Fraud by any other name
It’s not illegal if you lie to yourself as well, right guys?
This idea has been simmering for some time to be sure, as I continue to look onward at the veritable dumpster fire we call ‘tech’ today. But just recently I got wind of the bankruptcy of the company behind Instant Pot, off the heels of the so-called ‘venture capitalist’ mobster scum, and I figure now’s the time to go ahead and crank this out. It’s not like I have half a dozen other drafts waiting to be penned.
It’s time to write this because finally, the issue has become legible enough that I can make the case I’ve known for a while now needs to be made about these vultures: their actions are commensurate by consequence with fraud.
So let’s just jump into it, shall we?
There is a big contagion going around lately, and I’m not talking about the latest strand of coronavirus. Ground zero for this contagion is the tech industry, and it has spread to the rest of the American economy through tech’s shotgun marriage to finance, the animus of our economic system since before 1929. There is a perennial temptation for inadequate people thrust into powerful positions to defraud the public out of denial and embarrassment of their lack of merit. The most classically famous example of this was the scheme of Charles Ponzi, pioneer and namesake of the Ponzi scheme.
Contemporaneously, we have seen much rehashing of the fundamentals of fraud in the context of the cryptocurrency business. A lot of people are being served cold, prison-beckoned reminders of the definitions of things like criminal intent, fiduciary duty, and the basics of securities law in developed nations. But this problem is not confined to the farcical industry calling itself ‘crypto’; far from this, it actually percolates into the entire economy to some extent or another. Two days ago, the most succinct proof of this landed on the laps of investors and newsgoers alike: the bankruptcy of Instant Pot. The American paper of record trumpets thusly:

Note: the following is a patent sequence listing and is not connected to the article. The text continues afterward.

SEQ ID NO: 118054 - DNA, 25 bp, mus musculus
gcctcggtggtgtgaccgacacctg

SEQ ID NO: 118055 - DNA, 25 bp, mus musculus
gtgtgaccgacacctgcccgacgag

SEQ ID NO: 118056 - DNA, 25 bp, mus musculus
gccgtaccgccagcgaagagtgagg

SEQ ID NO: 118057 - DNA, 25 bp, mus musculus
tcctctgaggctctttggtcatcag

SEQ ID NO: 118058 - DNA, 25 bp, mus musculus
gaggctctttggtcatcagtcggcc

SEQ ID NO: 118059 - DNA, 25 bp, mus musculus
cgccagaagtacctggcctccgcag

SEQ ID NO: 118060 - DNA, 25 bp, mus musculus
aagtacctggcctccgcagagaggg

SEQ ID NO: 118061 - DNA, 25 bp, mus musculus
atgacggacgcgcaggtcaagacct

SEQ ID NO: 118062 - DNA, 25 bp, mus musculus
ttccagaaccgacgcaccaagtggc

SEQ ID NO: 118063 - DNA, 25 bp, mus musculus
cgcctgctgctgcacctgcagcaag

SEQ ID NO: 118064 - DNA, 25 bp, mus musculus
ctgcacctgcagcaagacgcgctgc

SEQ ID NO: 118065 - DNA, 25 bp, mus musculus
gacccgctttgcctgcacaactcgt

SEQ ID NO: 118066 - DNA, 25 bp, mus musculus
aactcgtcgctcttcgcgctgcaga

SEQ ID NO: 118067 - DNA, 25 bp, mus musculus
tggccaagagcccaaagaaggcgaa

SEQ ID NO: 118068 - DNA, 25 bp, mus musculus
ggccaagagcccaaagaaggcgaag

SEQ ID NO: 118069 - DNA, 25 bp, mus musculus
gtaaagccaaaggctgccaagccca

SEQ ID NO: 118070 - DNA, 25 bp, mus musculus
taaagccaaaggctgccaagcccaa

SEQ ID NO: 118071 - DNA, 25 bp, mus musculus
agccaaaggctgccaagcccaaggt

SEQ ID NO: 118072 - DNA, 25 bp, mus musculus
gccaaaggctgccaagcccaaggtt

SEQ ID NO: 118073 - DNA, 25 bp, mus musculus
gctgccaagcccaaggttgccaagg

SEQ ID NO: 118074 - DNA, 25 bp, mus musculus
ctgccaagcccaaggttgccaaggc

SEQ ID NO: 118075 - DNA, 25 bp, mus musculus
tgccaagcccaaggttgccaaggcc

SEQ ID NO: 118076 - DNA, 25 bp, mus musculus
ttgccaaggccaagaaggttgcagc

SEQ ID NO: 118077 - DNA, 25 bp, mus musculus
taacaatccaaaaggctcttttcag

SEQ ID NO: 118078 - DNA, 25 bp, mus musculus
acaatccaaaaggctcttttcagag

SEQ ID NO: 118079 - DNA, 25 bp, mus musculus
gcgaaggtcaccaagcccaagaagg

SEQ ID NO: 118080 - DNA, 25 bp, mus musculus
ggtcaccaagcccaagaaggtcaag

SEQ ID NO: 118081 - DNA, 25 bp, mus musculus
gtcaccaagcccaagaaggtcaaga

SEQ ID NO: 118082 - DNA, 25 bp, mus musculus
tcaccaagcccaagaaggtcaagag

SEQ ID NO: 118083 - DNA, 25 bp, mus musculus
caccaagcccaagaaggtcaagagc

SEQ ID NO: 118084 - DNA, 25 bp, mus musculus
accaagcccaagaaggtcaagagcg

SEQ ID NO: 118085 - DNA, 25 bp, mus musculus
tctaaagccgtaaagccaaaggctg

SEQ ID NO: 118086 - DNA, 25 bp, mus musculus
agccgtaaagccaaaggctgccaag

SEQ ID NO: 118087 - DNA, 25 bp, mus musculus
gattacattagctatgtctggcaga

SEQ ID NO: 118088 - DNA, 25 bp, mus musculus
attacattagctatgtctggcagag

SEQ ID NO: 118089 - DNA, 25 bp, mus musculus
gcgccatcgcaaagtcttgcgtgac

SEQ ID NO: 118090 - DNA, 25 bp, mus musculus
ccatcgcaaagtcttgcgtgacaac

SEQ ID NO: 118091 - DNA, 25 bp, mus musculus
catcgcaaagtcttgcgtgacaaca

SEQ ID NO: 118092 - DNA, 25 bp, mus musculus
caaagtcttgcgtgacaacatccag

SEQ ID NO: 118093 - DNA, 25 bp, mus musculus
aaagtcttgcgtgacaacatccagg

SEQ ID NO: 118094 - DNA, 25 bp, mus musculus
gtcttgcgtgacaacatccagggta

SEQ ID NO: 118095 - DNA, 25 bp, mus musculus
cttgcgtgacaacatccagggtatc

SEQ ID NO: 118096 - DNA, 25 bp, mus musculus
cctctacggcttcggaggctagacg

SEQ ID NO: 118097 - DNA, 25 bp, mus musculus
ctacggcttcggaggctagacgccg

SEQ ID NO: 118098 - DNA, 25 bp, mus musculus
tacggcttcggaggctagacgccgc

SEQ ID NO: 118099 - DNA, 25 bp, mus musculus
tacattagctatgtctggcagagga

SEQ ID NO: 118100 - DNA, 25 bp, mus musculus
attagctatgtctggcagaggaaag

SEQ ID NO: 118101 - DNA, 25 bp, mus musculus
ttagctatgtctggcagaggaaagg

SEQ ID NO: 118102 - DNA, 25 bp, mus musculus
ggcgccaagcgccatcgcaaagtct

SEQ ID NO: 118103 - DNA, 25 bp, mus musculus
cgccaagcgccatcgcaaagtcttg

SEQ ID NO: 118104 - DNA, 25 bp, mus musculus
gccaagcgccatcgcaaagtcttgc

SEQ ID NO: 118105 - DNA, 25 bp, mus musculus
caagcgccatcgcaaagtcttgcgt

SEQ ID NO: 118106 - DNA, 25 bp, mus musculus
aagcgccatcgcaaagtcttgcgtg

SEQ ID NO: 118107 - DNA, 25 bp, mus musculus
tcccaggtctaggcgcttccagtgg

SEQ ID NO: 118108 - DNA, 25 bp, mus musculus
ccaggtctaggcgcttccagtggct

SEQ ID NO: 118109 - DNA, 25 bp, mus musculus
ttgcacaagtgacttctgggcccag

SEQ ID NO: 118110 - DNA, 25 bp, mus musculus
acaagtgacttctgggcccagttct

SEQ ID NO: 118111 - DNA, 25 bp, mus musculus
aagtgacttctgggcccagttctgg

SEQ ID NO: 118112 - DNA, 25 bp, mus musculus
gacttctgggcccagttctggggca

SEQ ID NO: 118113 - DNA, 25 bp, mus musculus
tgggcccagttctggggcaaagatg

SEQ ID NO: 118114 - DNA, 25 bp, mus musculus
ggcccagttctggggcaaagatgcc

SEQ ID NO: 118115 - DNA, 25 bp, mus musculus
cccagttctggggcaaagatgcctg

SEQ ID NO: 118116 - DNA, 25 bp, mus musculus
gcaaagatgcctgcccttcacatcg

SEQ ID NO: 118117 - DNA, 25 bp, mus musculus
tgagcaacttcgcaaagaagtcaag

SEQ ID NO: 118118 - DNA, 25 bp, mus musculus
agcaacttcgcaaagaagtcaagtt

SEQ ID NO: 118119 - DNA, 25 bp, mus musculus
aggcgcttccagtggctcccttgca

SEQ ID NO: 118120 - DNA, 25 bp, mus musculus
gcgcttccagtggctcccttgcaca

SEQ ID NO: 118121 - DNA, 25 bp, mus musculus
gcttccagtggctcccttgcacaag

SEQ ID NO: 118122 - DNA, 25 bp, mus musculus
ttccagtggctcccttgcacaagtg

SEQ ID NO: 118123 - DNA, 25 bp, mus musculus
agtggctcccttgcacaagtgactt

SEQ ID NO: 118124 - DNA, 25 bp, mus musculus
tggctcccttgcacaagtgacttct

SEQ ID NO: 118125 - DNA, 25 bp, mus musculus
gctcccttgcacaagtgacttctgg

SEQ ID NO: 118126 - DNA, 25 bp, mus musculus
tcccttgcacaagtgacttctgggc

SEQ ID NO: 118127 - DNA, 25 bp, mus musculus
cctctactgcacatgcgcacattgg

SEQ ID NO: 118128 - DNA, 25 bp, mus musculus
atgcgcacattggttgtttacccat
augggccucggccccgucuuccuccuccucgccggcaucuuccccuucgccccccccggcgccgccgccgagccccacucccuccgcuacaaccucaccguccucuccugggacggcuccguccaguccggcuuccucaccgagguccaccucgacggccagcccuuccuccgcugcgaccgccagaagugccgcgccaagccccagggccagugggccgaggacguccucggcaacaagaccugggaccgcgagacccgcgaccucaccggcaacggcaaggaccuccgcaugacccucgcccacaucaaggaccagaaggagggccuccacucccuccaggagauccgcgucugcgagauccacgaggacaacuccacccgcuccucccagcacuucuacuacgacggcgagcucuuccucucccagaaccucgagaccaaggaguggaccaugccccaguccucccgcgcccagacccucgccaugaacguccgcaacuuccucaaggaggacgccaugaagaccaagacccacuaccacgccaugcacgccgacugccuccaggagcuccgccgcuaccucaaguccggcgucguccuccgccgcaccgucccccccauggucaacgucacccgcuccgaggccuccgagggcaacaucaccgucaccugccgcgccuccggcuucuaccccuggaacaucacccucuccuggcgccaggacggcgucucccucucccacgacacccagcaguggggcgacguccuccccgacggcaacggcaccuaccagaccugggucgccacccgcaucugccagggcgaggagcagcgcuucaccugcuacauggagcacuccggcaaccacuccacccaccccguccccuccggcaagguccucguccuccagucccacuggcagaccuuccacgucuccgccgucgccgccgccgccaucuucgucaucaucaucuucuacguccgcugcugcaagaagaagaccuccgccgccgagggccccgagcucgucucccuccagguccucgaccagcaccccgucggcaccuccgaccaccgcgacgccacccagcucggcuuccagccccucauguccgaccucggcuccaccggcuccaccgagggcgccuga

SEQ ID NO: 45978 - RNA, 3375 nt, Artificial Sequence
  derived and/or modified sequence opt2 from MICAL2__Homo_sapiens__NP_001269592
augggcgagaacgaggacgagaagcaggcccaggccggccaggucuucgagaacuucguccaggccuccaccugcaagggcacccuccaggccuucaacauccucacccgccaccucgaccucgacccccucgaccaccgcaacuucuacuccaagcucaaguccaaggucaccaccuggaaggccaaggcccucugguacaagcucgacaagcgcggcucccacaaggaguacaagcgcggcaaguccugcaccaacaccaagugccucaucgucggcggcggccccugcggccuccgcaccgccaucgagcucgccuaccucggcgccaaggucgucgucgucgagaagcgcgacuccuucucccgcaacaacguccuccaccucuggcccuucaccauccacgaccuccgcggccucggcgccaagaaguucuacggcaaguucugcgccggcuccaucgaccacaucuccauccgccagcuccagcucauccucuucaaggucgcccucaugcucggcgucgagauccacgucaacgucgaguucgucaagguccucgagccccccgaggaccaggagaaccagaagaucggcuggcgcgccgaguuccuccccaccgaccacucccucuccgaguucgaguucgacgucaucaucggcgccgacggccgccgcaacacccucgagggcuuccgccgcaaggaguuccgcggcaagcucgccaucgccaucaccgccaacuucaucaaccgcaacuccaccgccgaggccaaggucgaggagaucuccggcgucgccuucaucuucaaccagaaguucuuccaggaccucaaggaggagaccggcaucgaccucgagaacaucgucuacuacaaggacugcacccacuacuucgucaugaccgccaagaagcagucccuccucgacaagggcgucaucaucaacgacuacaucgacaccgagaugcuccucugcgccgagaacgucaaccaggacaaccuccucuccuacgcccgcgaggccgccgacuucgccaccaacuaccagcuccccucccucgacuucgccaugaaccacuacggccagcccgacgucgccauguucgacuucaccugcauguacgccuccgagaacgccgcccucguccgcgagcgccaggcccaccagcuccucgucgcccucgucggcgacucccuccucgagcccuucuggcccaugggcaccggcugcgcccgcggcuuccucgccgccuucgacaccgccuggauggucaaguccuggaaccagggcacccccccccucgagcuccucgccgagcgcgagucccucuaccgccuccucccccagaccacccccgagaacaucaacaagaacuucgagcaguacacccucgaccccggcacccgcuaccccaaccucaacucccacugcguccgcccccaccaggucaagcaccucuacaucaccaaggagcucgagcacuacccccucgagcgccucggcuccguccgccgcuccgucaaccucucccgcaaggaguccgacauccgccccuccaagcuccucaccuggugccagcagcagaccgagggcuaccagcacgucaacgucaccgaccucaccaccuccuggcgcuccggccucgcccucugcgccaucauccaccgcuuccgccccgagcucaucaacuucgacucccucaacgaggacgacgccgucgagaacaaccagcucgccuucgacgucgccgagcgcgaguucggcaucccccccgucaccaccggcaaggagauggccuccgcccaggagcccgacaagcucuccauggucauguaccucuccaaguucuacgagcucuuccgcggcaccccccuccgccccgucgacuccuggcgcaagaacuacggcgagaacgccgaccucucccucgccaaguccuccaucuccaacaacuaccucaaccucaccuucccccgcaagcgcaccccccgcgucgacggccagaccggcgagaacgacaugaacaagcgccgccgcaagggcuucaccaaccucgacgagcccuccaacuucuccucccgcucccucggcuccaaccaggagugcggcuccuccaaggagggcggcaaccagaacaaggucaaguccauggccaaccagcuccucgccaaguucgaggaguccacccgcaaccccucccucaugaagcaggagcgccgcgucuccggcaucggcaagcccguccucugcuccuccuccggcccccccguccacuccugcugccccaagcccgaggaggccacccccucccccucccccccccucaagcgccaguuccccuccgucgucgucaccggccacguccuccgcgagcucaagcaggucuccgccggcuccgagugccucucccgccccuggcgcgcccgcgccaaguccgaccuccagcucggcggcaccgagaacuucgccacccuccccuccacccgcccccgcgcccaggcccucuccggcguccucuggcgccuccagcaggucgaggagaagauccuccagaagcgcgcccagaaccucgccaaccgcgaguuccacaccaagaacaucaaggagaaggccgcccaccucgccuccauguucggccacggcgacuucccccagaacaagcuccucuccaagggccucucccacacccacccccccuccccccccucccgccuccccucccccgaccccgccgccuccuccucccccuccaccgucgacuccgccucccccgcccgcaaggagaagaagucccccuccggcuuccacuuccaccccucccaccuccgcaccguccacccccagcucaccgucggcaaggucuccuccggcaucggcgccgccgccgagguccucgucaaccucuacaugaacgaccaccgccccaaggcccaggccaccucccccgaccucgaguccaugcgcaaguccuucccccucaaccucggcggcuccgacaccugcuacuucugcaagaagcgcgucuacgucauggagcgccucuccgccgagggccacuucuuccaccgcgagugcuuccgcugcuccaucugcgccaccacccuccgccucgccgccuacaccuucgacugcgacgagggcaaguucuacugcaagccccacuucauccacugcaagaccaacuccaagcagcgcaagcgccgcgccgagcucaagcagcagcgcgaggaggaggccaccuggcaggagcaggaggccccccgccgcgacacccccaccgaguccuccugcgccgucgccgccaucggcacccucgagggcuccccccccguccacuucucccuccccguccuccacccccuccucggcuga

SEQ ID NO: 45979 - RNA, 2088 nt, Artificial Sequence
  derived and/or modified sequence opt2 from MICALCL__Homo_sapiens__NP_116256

Although the Times reveals the reason for their failure, namely an unresolvable debt burden, they neglect to reveal the nature of how that came to be. Fortunately, the Atlantic is a bit more honest:
Huh. Cornell Capital, you say, bought them out? At a cartoonish valuation, in the famous mania-driven style of dotcom mobsters? And then to everyone’s shock and surprise, the company joined the ranks of hollow husks worth a tiny fraction of what they once were? How could that be? Where have we seen this before?
You know, for not having any of the hallmarks of a wilful fraud, this sure does have the perfect outcome if fraud was the goal. Not only is the outcome identical, the rationalisations for that outcome line up well with a fraudster’s: blame the victim for not knowing any better. With ‘crypto’, ‘AI’, and maybe the next big ‘current thing’ of quantum computing, the standard line seems to be whatever tech stakeholders wanted to do is fine anyway, and it’s everyone else’s fault for not knowing any better. When artists complain about their social concerns, they’re lambasted and ridiculed. It’s always the same psychopathic song and dance.
The scene here is well-treaded enough from the outside like that, so let me try to evaluate these snobs more on their own terms, since I am both better equipped to do so, and of the mind that it is the only way to fully discredit them and bury them into the history books alongside our old friend Charles Ponzi where they belong. My example for this is the con man and expired programmer known as George Hotz, of recent infamy for working a two-month do-nothing stint at Elon’s Twitter, and for raising funding for a nonexistent company based on an awful business idea over Discord no less.
I can think of no better example of a legitimated career huckster than George Hotz. His Wikipedia article at the time of writing clocks in no less than 81 references, many from such star-spangled regime-approved mags as The Verge, the New York Times, CNBC, and Bloomberg.
From his first exploits on the world stage at the ripe age of seventeen, George is seen going straight for the goods in pioneering the kinds of exploits that would earn him headlines. After two-and-a-half years of hacking whatever aspects of the iPhone would net him the most cred, he announced he would be abandoning his iPhone work, vaguely citing “demotivation over the technology and the unwanted personal attention”. Funnily enough, Wikipedia juxtaposes this quote over a picture of him proudly hoisting up a hacking gadget at a TechCrunch conference in 2016. We can be sure this was disingenuous as we read on, because the next thing he would turn his attention to is something that would lead to him getting court-ordered out of the scene. That scene would be Sony game hacking.
I sympathise more and more with the old guard of the Nintendo hacking scene as time goes on, because I understand better what they have always known and warned against: hacking motivated by self-aggrandisement and ego ruins scenes. They sounded the alarm about Team Xecuter long before anyone else knew, and those people are in prison now. Guess George got lucky with Sony.